I’ve been thinking about starting another blog specifically for exploring the Heart of Wisdom Sutra, the shortest of the hundreds (thousands?) of Buddhist sacred texts, that encapsulates the profoundest teachings of Buddhism. It has been the foundational text of all my spiritual learning and continues to provide me with deep insights every day. As many of you may know, the Heart Sutra is a focal point of my teaching as a Buddhist priest as well, and although I don’t refer to it specifically, it underlies everything I talk about here in this blog as well as everything that I have so far learned about the nature of reality and the meaning of Truth: the Heart Sutra is the gateway to enlightenment and paves my spiritual path to understanding ‘Being’. But I might have to wait until my final semester of study is complete before leaping into another new project! In the meanwhile, please enjoy this beautiful video with the chanting of the Heart Sutra…
Lately, I’ve been thinking about the meaning of the word “heart”. In Japanese, the name of the Heart Sutra is 般若心経 (Hannya Shingyo), and the third Japanese character 心 means ‘heart’. In English, we tend to distinguish between ‘heart’ and ‘mind’, whereby the heart is the location of emotions and feelings and, of course, a symbol of love; and the mind is the location of consciousness and thoughts and knowledge. But in Japanese, the word 心 means both heart and mind – there is no separation. This becomes quite a problem when translating into English because I must stop and ask, well which one is it – heart or mind? But lately I’ve started to question this apparent separation between heart and mind, feelings and thoughts, as realise that it’s not that clear cut after all.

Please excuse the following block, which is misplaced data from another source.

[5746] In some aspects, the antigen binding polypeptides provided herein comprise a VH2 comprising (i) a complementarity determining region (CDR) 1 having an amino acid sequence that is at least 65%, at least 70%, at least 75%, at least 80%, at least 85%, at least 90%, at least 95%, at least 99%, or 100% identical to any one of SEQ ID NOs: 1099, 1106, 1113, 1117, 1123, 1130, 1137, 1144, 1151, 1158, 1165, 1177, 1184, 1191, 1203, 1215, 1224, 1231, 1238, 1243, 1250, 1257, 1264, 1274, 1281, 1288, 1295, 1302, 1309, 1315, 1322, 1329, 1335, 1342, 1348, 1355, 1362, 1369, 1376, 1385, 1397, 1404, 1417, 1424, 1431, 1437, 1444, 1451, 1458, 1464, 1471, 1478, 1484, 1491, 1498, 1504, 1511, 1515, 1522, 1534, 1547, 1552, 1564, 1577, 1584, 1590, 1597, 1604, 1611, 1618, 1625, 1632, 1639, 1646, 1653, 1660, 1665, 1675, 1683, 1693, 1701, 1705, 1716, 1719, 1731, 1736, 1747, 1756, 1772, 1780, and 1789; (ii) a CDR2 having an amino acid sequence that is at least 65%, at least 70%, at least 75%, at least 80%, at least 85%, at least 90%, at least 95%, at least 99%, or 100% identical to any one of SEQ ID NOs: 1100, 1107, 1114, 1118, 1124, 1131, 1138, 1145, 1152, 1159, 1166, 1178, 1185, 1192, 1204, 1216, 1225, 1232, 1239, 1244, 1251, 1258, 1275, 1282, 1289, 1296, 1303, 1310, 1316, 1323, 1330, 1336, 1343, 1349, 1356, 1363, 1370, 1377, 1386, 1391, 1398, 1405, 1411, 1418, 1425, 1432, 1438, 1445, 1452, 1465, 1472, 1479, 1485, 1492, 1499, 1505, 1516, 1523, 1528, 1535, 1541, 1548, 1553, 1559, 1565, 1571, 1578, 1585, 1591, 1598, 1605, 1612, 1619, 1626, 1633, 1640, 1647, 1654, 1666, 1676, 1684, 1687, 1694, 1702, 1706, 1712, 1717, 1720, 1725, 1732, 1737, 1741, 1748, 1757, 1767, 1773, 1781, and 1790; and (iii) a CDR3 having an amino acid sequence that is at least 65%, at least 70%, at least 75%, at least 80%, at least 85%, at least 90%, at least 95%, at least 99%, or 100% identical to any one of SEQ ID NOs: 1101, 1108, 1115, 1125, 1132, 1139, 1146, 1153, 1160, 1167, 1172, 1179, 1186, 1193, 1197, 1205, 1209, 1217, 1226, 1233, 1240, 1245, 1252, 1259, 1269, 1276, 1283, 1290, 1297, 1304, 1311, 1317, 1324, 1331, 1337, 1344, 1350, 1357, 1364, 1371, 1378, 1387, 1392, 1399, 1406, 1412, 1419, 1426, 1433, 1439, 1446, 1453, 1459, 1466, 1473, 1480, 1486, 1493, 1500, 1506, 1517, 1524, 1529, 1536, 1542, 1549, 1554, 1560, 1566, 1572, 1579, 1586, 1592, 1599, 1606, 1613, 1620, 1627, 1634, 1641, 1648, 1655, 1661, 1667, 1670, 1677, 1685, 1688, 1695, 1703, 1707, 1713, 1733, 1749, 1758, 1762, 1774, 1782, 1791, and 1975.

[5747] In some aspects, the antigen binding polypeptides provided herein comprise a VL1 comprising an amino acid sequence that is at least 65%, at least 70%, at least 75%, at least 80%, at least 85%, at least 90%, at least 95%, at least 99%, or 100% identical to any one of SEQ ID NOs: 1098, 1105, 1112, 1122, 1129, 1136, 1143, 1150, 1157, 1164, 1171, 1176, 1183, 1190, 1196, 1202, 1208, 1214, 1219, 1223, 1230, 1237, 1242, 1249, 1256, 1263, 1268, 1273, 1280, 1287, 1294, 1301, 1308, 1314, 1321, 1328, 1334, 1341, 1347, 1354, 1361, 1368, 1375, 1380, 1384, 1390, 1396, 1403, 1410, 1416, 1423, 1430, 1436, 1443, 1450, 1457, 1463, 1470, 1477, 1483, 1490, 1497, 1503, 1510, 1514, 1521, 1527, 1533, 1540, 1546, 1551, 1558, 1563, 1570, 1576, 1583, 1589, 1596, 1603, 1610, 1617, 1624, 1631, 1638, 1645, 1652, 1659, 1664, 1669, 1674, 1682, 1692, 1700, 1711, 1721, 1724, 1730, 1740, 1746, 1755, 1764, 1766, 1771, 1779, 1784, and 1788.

The full name of the Heart Sutra is the Heart of the Practice of the Perfection of Wisdom; that is, heart as ‘essence’, as the intrinsic nature or deepest underlying quality of something. And this is what we mean when we say we are getting to “the heart of the matter”: getting down to the essential and profound aspect of something. It also means to realise in a clear thinking way some deep underlying truth about something. When we get to “the heart of the matter” we gain some insight into the “truth of the matter”. Beyond just knowledge, getting the heart of the matter brings forth an awareness of wisdom from the core of our being; it is through our hearts that we can gain wisdom, which we recognise with our minds as containing some deep truth. In that moment of insight – at the heart of the matter – we are using our minds to understand this; that is, there is no separation between heart and mind at that point.
And when we offer our “heartfelt” thanks, what do we mean? Something “heartfelt” means coming from the very core of our true being, it means something that is fundamentally authentic and true and pure: the wellspring of our being. So “heart” also equates with the essence of who we are – natural and unadorned and truthful. But when we offer our gratitude, in that “heartfelt” moment it is through our minds that recognise this gratitude and we think of words to express our thanks. Again, there is no clear separation between our heart and mind in that moment of offering heartfelt thanks.
So after thinking (with my mind) about the meaning of “heart” I realise that heart is the location of wisdom, of authentic being, of love, but that this realisation can only be made manifest through mind that enables us to experience and appreciate and share. We may say “heart” and “mind” but really they are just the two faces of our pure being. So, I just want to say…
I heart you!
4 thoughts on “The heart of the matter”
Beautiful post, i “heart” you to” 🙂
Thank you – let’s spread it around 🙂
Such a wonderful piece Cate, further ‘heartened’ with that astonishing video. My heart did flip flops 🙂 everything seems brighter…lighter. My dear heart has always led the way….
Heart you back ❤ 🙂 <(").
Thanks Gabi – let’s start a “heart to heart” 🙂